With the positive effects of Montessori on children being realised, more and more parents have started believing in the importance of sending their child to gain such an experience. Even so, the spread of this knowledge is scarce, especially in the rural and backward urban areas of India. One woman has taken it upon herself to change the course of this tide.
It is said that children are like little plants: you can bend them the way you want when they are young and that’s how they grow up to be. Therefore, guiding them on the right path in their formative years is crucial so that they can grow up to be responsible citizens of a country.
It is this philosophy which makes Munira Nagji, recipient of 2010 YMCA Peace Medallion by YMCA Calgary, fly down from Canada almost every 3-4 months to her mother’s homeland, Jivapar, situated in Gujarat.
Located about 20 kms east of Jamnagar, Jivapar is little known, even in Jamnagar. It may be a small village of about 3,000 people, but the kids of Jivapar and some of the villages around it, have something more than ‘just another day’ to look forward to every day. Each passing day, more than 40 kids from the village explore this incredible world in an incredible way of Montessori teaching, which is extremely rare in the Indian education system.
As it is said that “charity begins at home”, Munira started her mission 10 years ago by converting her living room into a Montessori for less privileged children, mainly from Afghanistan. She decided to teach them English because their parents didn’t know English and, consequently, the kids fell behind the learning curve in their schools.
Now, every Saturday, her living room turns into a free Montessori for the kids who cannot afford any form of preschool.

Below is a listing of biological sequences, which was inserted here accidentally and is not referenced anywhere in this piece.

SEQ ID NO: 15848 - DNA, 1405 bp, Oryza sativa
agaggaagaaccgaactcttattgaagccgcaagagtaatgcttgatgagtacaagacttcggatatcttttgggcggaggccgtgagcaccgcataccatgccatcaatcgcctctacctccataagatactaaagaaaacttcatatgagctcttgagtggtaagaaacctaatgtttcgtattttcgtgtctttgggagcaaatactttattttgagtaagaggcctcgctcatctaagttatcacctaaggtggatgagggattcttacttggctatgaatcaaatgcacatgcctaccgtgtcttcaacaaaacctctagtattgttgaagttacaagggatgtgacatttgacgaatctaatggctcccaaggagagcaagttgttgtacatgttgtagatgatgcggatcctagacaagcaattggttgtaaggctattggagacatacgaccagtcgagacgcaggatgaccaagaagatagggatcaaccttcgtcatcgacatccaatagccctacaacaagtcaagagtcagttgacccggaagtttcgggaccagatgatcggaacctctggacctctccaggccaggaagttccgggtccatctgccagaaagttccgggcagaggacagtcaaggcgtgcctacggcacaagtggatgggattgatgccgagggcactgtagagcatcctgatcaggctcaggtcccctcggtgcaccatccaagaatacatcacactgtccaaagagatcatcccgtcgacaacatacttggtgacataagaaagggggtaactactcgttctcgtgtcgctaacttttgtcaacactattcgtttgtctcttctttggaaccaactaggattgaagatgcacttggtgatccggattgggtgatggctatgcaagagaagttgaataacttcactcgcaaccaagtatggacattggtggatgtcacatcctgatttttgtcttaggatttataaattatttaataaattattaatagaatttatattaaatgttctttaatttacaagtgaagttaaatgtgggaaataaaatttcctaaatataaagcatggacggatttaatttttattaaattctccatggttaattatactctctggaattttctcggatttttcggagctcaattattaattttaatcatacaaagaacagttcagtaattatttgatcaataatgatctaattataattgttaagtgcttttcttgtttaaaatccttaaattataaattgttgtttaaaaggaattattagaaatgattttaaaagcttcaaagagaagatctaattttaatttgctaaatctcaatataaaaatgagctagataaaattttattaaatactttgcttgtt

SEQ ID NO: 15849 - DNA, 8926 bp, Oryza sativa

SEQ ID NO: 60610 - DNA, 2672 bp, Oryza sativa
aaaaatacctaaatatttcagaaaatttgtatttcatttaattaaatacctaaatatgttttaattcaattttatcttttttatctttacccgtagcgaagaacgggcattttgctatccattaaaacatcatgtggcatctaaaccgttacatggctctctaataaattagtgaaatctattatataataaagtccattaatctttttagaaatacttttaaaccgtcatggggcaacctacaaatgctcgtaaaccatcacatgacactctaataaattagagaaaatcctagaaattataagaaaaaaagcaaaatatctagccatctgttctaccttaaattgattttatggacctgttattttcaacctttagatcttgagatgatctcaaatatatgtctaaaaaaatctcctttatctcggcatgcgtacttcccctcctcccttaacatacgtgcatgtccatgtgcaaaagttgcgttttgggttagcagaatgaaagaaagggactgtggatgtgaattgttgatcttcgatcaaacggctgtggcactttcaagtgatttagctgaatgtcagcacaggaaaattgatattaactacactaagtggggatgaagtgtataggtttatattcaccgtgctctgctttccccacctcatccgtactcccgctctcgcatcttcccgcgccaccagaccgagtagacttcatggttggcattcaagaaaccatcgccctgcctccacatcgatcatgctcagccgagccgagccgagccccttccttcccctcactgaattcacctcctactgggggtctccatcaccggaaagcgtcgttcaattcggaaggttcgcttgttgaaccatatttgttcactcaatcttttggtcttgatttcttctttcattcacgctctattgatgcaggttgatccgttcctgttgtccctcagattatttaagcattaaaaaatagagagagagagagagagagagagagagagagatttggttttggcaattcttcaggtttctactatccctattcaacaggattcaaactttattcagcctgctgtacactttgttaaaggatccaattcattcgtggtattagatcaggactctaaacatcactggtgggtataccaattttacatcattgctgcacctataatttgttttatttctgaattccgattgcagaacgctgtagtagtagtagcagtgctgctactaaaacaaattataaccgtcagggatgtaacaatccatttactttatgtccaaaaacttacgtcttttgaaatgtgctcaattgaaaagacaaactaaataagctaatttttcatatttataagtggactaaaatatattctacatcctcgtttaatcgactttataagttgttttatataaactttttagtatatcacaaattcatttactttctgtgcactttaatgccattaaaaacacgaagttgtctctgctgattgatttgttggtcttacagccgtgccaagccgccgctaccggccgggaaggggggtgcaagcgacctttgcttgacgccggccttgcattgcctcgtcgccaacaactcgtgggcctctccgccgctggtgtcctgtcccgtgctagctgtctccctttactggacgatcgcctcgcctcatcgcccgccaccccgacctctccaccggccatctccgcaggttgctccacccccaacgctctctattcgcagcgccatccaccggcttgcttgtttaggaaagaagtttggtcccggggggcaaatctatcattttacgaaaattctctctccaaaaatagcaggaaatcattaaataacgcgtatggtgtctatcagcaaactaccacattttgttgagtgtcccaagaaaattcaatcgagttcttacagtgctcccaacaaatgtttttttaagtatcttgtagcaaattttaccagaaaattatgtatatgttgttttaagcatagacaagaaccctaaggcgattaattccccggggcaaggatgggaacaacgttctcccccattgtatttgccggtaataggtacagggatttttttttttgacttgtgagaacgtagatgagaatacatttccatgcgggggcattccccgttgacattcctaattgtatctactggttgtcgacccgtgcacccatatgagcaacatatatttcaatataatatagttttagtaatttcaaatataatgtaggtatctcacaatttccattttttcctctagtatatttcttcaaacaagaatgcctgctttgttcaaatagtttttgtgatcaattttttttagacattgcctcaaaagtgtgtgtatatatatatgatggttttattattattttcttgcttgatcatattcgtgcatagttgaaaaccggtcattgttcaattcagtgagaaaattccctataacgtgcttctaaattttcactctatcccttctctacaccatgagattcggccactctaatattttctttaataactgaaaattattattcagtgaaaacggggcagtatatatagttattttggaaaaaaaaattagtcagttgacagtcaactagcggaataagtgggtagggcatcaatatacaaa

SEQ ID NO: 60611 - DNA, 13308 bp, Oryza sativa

In December 2013, she transformed a playschool into a Montessori preschool at the Jubilee Cultural Centre, which is managed by Kathiyawadi Education & Welfare Charitable Trust in Jivapar, Jamnagar. Its name, ‘Starlight Montessori Preschool’, was the same as her school in Canada. A local resident, Nizar Hemnani, has been instrumental in the operational management of the preschool since its inception. Nizar has also been helping the Trust run many women empowerment activities, such as sewing classes, beauty parlor courses etc., in the same premises to enable the women of Jivapar, and the villages around, be financially self-reliant.
Munira, having a Preschool/Kindergarten Montessori Teaching Diploma degree, invested about three weeks of the initial period in training two teachers in the Montessori style of teaching, so that they can keep the school running in her absence and are able to earn their living simultaneously.
At the onset, she faced many challenges in terms of making the locals understand and follow the concepts of the Montessori style of education.
As it is a thing of rarity, even in urban India, the incorporation of this culture in the villages was a big challenge.
The first batch was limited to just 25 students, but with more students pouring in, about 41 students are currently a part of this pre-school and are spread into two batches of 25 and 16, respectively. Limiting the number of students is critical to the success of this mission because large batches reduce the attention given to each student.
These children have developed a sense of discipline, which can make even urban school kids look unruly. Each student coming to the Montessori enters the classroom and hangs his/her bag on one of the hooks behind the classroom door. The student then takes out a small mat from a box kept in one corner of the classroom, rolls it out on the ground, picks up his/her model that he/she feels like learning about on that day and experiments with it.
Once the time is over, the student puts the model back to its original place in its original form, rolls the mat, puts it back in the same box from where it was picked up, takes his/her bag from the hook and leaves.
During the entire process, teachers act as facilitators to the child and not as instructors.
The impact of this freedom, coupled with self-discipline, is that these kids gain a head-start when they go to regular schools as they get to understand the concepts better, are able to identify things more easily and quickly, and develop a habit to learn on their own. This is a very important requirement for a country with a languishing rural schooling system, which is marred by inadequate number of teachers, poor teaching quality and very low attention per student.